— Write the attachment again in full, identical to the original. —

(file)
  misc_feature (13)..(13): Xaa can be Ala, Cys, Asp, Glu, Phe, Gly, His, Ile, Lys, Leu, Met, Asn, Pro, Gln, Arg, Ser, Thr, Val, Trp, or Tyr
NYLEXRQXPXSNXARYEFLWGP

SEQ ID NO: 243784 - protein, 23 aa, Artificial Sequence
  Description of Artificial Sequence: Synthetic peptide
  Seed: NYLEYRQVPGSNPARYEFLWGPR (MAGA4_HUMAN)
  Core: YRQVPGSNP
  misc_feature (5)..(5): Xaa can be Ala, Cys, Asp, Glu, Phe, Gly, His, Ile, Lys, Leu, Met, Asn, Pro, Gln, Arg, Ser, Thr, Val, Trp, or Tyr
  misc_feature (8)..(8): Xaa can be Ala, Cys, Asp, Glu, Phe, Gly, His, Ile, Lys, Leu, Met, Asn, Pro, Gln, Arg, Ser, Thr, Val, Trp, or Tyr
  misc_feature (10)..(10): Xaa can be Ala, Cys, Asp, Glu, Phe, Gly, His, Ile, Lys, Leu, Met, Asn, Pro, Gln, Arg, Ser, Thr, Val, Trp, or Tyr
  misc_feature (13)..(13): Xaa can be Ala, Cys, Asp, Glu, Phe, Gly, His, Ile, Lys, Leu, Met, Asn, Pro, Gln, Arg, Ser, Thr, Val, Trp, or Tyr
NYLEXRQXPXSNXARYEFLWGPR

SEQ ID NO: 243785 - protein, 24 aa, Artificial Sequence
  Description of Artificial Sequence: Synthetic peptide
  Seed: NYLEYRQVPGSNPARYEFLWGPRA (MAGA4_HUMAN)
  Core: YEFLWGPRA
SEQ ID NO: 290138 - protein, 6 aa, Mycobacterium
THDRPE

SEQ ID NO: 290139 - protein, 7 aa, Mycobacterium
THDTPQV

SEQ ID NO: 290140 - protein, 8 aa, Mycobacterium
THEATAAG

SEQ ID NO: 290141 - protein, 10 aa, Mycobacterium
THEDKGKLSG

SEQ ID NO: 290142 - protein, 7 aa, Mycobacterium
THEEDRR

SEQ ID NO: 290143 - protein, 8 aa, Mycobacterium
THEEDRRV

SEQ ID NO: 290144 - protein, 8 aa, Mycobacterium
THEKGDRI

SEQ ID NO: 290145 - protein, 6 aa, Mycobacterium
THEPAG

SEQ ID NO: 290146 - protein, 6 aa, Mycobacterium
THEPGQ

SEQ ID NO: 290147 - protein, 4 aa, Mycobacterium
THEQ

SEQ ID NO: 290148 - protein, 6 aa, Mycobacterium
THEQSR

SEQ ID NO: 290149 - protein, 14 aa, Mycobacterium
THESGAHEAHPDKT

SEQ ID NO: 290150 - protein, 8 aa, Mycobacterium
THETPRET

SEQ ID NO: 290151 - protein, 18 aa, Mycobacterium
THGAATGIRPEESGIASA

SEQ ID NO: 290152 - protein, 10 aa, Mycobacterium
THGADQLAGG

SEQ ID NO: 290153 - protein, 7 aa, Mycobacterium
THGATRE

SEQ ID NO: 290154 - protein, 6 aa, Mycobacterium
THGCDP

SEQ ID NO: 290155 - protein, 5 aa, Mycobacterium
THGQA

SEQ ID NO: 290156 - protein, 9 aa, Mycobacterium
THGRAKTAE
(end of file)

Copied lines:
  misc_feature (13)..(13): Xaa can be Ala, Cys, Asp, Glu, Phe, Gly, His, Ile, Lys, Leu, Met, Asn, Pro, Gln, Arg, Ser, Thr, Val, Trp, or Tyr
NYLEXRQXPXSNXARYEFLWGP

SEQ ID NO: 243784 - protein, 23 aa, Artificial Sequence
  Description of Artificial Sequence: Synthetic peptide
  Seed: NYLEYRQVPGSNPARYEFLWGPR (MAGA4_HUMAN)
  Core: YRQVPGSNP
  misc_feature (5)..(5): Xaa can be Ala, Cys, Asp, Glu, Phe, Gly, His, Ile, Lys, Leu, Met, Asn, Pro, Gln, Arg, Ser, Thr, Val, Trp, or Tyr
  misc_feature (8)..(8): Xaa can be Ala, Cys, Asp, Glu, Phe, Gly, His, Ile, Lys, Leu, Met, Asn, Pro, Gln, Arg, Ser, Thr, Val, Trp, or Tyr
  misc_feature (10)..(10): Xaa can be Ala, Cys, Asp, Glu, Phe, Gly, His, Ile, Lys, Leu, Met, Asn, Pro, Gln, Arg, Ser, Thr, Val, Trp, or Tyr
  misc_feature (13)..(13): Xaa can be Ala, Cys, Asp, Glu, Phe, Gly, His, Ile, Lys, Leu, Met, Asn, Pro, Gln, Arg, Ser, Thr, Val, Trp, or Tyr
NYLEXRQXPXSNXARYEFLWGPR

SEQ ID NO: 243785 - protein, 24 aa, Artificial Sequence
  Description of Artificial Sequence: Synthetic peptide
  Seed: NYLEYRQVPGSNPARYEFLWGPRA (MAGA4_HUMAN)
  Core: YEFLWGPRA
SEQ ID NO: 290138 - protein, 6 aa, Mycobacterium
THDRPE

SEQ ID NO: 290139 - protein, 7 aa, Mycobacterium
THDTPQV

SEQ ID NO: 290140 - protein, 8 aa, Mycobacterium
THEATAAG

SEQ ID NO: 290141 - protein, 10 aa, Mycobacterium
THEDKGKLSG

SEQ ID NO: 290142 - protein, 7 aa, Mycobacterium
THEEDRR

SEQ ID NO: 290143 - protein, 8 aa, Mycobacterium
THEEDRRV

SEQ ID NO: 290144 - protein, 8 aa, Mycobacterium
THEKGDRI

SEQ ID NO: 290145 - protein, 6 aa, Mycobacterium
THEPAG

SEQ ID NO: 290146 - protein, 6 aa, Mycobacterium
THEPGQ

SEQ ID NO: 290147 - protein, 4 aa, Mycobacterium
THEQ

SEQ ID NO: 290148 - protein, 6 aa, Mycobacterium
THEQSR

SEQ ID NO: 290149 - protein, 14 aa, Mycobacterium
THESGAHEAHPDKT

SEQ ID NO: 290150 - protein, 8 aa, Mycobacterium
THETPRET

SEQ ID NO: 290151 - protein, 18 aa, Mycobacterium
THGAATGIRPEESGIASA

SEQ ID NO: 290152 - protein, 10 aa, Mycobacterium
THGADQLAGG

SEQ ID NO: 290153 - protein, 7 aa, Mycobacterium
THGATRE

SEQ ID NO: 290154 - protein, 6 aa, Mycobacterium
THGCDP

SEQ ID NO: 290155 - protein, 5 aa, Mycobacterium
THGQA

SEQ ID NO: 290156 - protein, 9 aa, Mycobacterium
THGRAKTAE